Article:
In Business Growth, Economic Mobility, Featured News

Investing in employees is crucial for businesses. Providing people with training and services that enable them to become self-sufficient pays dividends and meets a critical need in filling the open positions of our local businesses. Making the connection between people and companies is one of the ways Workforce Southwest Washington (WSW) supports our region.

One of the resources we use for this work is Economic Security for All (EcSA), an Employment Security Department (ESD) initiative that enables local workforce boards like WSW to flexibly apply grants to help people get training to move into the workplace while also helping them meet their basic needs for food, housing and transportation.

We thank our Washington Legislators for passing House Bill 2230, the Economic Security for All (EcSA) initiative that is critical to the success of our residents and businesses.

“This legislation will ensure the program’s continuity and effectiveness as we continue to build a thriving economic ecosystem that supports strong families, businesses and communities,” said Miriam Halliday, WSW’s CEO.

When we support people in these ways, we see thriving families and individuals moving to financial self-sufficiency and growing businesses that can expand and promote their current workers.

EcSA has been a tremendous success. In the first year:

  • More than 1,285 low-income Washington families were served, many of whom were people of color and people from traditionally underserved communities.
  • 424 families with annual incomes of less than $10,000 reached self-sufficiency, increasing their median annual income to $44,762.

Support of the bill was far-reaching and included some of our wonderful WSW board members. Thank you, Tracy Doriot, owner of Doriot Construction, Ted Sprague of the Cowlitz Economic Development Council, and Adrienne Watson of PeaceHealth, for joining our CEO Miriam Halliday in Olympia on January 24 in support of House Bill 2230. Your participation and partnership were crucial.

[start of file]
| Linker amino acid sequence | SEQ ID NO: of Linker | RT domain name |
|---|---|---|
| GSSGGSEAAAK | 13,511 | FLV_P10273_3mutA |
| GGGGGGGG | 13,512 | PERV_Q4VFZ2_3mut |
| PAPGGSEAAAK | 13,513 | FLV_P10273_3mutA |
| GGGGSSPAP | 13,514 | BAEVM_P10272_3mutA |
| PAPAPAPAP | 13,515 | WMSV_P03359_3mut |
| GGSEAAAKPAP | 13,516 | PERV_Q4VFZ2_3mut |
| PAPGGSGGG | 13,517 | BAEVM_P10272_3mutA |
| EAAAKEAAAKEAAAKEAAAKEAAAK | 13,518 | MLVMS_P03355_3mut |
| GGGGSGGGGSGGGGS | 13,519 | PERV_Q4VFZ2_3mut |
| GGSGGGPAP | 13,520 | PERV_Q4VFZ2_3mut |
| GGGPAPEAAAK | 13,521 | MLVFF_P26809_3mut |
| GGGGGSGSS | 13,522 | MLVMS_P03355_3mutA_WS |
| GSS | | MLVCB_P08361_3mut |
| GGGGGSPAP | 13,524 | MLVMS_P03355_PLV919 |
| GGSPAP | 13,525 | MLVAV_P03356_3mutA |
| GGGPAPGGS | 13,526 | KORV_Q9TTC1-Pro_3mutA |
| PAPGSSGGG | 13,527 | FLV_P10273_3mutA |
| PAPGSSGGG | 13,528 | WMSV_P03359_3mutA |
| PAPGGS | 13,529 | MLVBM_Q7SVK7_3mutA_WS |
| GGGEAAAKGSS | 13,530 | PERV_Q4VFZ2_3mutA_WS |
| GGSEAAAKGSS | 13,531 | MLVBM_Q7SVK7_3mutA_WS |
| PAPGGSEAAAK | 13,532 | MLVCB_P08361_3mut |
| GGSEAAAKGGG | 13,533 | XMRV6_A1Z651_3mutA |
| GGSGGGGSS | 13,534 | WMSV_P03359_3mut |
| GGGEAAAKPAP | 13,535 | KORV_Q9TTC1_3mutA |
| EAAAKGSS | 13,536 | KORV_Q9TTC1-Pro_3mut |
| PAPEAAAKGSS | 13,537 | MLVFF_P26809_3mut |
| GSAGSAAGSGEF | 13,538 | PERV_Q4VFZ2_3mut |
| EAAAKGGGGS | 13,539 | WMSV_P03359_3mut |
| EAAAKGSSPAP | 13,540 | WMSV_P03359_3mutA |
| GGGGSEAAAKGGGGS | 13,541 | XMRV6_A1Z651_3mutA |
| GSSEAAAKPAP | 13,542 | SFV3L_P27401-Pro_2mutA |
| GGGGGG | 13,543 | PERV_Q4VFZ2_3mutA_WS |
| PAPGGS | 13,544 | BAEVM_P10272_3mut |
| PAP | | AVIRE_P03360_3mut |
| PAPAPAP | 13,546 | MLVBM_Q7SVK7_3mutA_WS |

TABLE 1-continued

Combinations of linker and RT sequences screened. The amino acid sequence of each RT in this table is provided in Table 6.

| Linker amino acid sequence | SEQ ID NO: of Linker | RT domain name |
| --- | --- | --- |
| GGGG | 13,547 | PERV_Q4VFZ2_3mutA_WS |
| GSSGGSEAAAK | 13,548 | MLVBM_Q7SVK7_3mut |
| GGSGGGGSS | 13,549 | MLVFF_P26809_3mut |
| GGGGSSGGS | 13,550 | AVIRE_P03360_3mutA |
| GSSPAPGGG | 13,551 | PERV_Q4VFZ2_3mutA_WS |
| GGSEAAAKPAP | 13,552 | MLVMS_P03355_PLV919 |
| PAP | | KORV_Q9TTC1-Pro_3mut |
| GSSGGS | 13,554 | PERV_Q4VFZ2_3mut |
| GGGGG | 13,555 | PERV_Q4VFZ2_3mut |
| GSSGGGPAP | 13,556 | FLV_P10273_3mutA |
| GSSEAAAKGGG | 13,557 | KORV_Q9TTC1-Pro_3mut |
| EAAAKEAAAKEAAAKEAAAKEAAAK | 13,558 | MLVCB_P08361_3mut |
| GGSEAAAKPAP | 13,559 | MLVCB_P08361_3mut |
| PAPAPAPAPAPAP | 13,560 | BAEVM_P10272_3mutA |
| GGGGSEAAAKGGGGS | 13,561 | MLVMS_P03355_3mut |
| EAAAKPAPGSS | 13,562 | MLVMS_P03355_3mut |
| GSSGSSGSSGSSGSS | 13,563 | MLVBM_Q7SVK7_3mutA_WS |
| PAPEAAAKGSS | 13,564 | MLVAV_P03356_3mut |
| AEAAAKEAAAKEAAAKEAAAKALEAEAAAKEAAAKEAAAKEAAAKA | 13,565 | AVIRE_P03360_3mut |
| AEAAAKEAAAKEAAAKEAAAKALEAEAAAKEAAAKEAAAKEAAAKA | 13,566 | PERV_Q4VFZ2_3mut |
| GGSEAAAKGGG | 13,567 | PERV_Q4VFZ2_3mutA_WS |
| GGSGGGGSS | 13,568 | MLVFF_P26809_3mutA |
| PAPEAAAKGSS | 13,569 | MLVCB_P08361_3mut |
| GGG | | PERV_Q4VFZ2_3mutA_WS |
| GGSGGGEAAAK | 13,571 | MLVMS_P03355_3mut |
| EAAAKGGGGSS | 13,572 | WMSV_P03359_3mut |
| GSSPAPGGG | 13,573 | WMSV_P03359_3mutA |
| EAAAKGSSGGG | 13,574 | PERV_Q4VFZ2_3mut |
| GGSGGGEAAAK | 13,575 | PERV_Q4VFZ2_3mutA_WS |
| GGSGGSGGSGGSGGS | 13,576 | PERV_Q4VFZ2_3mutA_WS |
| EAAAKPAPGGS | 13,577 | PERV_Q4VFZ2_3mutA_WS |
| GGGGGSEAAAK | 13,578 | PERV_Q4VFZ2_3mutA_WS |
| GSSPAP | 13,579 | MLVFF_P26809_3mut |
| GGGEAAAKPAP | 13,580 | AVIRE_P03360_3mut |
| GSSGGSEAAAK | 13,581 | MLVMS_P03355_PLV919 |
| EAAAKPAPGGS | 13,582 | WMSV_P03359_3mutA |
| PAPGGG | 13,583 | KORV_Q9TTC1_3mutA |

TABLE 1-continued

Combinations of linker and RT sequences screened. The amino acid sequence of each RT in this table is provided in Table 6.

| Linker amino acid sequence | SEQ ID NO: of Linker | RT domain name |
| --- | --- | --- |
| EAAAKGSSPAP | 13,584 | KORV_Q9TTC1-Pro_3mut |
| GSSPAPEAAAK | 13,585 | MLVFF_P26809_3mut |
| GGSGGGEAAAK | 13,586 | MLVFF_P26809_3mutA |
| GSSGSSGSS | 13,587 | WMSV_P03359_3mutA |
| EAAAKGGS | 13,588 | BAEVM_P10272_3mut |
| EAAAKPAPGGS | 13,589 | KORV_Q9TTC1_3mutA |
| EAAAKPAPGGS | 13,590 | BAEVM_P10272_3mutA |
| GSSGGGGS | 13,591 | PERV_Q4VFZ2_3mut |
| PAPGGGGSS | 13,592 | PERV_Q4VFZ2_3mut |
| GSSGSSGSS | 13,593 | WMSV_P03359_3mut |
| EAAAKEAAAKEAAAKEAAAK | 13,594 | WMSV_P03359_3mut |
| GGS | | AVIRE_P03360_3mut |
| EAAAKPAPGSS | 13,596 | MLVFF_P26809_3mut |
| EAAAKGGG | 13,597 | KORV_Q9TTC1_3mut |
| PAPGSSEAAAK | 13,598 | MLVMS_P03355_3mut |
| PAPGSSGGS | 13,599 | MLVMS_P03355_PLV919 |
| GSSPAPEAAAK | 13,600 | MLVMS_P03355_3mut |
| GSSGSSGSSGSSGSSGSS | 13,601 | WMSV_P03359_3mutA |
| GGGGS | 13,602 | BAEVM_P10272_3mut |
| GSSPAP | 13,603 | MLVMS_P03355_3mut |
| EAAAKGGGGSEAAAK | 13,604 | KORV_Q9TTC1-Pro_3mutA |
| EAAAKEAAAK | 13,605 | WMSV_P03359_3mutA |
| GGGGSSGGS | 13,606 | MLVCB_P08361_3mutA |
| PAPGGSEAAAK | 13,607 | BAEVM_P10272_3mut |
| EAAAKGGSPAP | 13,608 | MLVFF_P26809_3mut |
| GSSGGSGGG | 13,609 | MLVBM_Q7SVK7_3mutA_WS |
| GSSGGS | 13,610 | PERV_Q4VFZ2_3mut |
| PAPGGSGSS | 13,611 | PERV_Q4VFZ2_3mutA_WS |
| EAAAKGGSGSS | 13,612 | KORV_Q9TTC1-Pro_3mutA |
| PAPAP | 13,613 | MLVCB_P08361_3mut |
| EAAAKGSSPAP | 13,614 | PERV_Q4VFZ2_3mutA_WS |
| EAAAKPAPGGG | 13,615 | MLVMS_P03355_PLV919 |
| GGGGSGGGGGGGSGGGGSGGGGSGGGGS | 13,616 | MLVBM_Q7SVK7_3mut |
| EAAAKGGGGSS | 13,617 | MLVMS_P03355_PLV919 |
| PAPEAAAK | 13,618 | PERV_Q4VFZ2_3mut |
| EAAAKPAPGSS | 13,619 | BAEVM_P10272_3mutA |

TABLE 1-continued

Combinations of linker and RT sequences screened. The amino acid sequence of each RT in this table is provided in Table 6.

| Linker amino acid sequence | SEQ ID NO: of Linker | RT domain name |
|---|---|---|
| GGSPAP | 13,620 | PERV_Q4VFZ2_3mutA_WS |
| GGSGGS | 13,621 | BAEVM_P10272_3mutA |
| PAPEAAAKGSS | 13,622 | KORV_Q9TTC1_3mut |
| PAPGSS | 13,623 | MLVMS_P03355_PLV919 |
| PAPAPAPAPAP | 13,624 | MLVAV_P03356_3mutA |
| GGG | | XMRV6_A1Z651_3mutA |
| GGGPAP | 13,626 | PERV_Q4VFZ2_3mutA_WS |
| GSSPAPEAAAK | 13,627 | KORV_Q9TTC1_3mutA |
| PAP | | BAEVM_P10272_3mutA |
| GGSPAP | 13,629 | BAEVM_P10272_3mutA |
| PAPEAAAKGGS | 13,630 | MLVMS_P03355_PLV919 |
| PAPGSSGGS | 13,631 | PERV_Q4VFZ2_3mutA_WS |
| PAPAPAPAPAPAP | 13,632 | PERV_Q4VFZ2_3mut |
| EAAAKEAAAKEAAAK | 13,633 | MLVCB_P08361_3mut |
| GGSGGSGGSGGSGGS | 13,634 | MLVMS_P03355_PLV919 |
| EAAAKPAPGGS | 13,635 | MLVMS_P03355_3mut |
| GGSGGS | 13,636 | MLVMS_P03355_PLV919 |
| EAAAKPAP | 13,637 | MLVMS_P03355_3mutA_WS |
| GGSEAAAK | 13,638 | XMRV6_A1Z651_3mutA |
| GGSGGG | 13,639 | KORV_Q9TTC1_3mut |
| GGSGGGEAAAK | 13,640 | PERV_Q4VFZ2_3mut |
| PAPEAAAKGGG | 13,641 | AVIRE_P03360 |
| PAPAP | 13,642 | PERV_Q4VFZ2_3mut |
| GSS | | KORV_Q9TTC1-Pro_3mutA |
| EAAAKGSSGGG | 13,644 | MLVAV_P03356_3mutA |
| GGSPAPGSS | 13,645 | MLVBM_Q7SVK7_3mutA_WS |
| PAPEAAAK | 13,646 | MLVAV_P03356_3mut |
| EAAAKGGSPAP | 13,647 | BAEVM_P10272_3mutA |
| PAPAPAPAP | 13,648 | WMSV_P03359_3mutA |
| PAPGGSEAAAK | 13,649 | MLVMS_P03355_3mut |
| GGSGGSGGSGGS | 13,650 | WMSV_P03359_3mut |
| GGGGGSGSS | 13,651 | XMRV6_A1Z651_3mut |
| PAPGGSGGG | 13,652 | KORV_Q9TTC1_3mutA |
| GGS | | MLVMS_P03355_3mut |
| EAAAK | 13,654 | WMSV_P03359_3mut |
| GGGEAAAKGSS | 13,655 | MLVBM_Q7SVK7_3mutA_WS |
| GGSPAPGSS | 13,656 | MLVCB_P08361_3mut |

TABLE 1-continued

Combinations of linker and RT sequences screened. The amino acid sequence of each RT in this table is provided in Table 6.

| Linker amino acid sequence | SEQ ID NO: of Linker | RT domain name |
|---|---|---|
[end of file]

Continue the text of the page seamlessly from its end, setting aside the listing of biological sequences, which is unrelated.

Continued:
Doriot testified before the House Human Services Committee about how House Bill 2230 and EcSA benefit his business and its employees.

He told the committee, “This program is perhaps the most important linkage between private industry and those that need jobs.” He added that coordination between groups like WSW and those who need to upskill to get jobs that provide living wages and better lives is one of the best things we can do to markedly change lives in our community.

We agree. We all recognize that poverty is a barrier to success. EcSA provides resources for individuals and families from historically underserved communities to move out of poverty and achieve self-sufficiency.

When the bill passed the House on Feb. 13, the prime sponsor echoed this in a news release: “…These grants are designed to help families with low incomes become more self-sufficient and focus especially on supporting people of color and rural residents. …Establishing the Economic Security for All grant program to promote financial stability helps our neighbors climb out of poverty and is smart stewardship of taxpayer dollars.”

Unfortunately, lack of funding had hindered access. Last year roughly 3,000 individuals across the state were placed on a waitlist or could not be served due to lack of available funds.

To close that gap, WSW and the workforce boards across the state asked lawmakers to approve additional funding for EcSA this year.

EcSA will enable the local workforce development system to do even more to support individuals on their path to self-sufficiency and meet a critical need in filling the open positions of our local businesses. Working together we can assist more people and families in moving out of poverty.

Services/programs funded with federal and state Economic Security for All (Thrive) grants. Visit our website to learn the sources and proportions.

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